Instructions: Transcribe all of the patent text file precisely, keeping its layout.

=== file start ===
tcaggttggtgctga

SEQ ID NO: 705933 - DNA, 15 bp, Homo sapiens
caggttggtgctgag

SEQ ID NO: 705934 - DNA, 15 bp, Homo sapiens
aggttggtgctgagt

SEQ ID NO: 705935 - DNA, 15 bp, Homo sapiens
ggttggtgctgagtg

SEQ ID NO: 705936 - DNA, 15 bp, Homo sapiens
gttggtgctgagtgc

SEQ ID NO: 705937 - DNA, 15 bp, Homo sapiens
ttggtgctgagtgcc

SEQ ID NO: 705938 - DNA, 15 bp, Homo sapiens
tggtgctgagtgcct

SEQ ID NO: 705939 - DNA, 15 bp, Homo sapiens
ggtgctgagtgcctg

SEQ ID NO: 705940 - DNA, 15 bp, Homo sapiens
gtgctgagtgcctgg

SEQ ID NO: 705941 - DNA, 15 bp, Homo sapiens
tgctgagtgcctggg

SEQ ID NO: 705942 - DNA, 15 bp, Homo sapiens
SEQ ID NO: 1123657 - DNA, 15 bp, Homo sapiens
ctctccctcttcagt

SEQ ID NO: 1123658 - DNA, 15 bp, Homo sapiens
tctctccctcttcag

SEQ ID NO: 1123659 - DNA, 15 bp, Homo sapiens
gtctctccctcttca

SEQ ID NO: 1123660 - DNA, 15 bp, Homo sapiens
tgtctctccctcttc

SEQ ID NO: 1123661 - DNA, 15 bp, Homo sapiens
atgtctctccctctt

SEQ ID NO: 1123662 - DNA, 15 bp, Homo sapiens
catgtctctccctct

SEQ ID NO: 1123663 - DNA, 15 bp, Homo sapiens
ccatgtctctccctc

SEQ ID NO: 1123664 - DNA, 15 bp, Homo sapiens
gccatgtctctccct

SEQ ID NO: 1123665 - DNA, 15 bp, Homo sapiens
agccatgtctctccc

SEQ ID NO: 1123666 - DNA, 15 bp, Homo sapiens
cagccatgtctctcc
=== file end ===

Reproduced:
tcaggttggtgctga

SEQ ID NO: 705933 - DNA, 15 bp, Homo sapiens
caggttggtgctgag

SEQ ID NO: 705934 - DNA, 15 bp, Homo sapiens
aggttggtgctgagt

SEQ ID NO: 705935 - DNA, 15 bp, Homo sapiens
ggttggtgctgagtg

SEQ ID NO: 705936 - DNA, 15 bp, Homo sapiens
gttggtgctgagtgc

SEQ ID NO: 705937 - DNA, 15 bp, Homo sapiens
ttggtgctgagtgcc

SEQ ID NO: 705938 - DNA, 15 bp, Homo sapiens
tggtgctgagtgcct

SEQ ID NO: 705939 - DNA, 15 bp, Homo sapiens
ggtgctgagtgcctg

SEQ ID NO: 705940 - DNA, 15 bp, Homo sapiens
gtgctgagtgcctgg

SEQ ID NO: 705941 - DNA, 15 bp, Homo sapiens
tgctgagtgcctggg

SEQ ID NO: 705942 - DNA, 15 bp, Homo sapiens
SEQ ID NO: 1123657 - DNA, 15 bp, Homo sapiens
ctctccctcttcagt

SEQ ID NO: 1123658 - DNA, 15 bp, Homo sapiens
tctctccctcttcag

SEQ ID NO: 1123659 - DNA, 15 bp, Homo sapiens
gtctctccctcttca

SEQ ID NO: 1123660 - DNA, 15 bp, Homo sapiens
tgtctctccctcttc

SEQ ID NO: 1123661 - DNA, 15 bp, Homo sapiens
atgtctctccctctt

SEQ ID NO: 1123662 - DNA, 15 bp, Homo sapiens
catgtctctccctct

SEQ ID NO: 1123663 - DNA, 15 bp, Homo sapiens
ccatgtctctccctc

SEQ ID NO: 1123664 - DNA, 15 bp, Homo sapiens
gccatgtctctccct

SEQ ID NO: 1123665 - DNA, 15 bp, Homo sapiens
agccatgtctctccc

SEQ ID NO: 1123666 - DNA, 15 bp, Homo sapiens
cagccatgtctctcc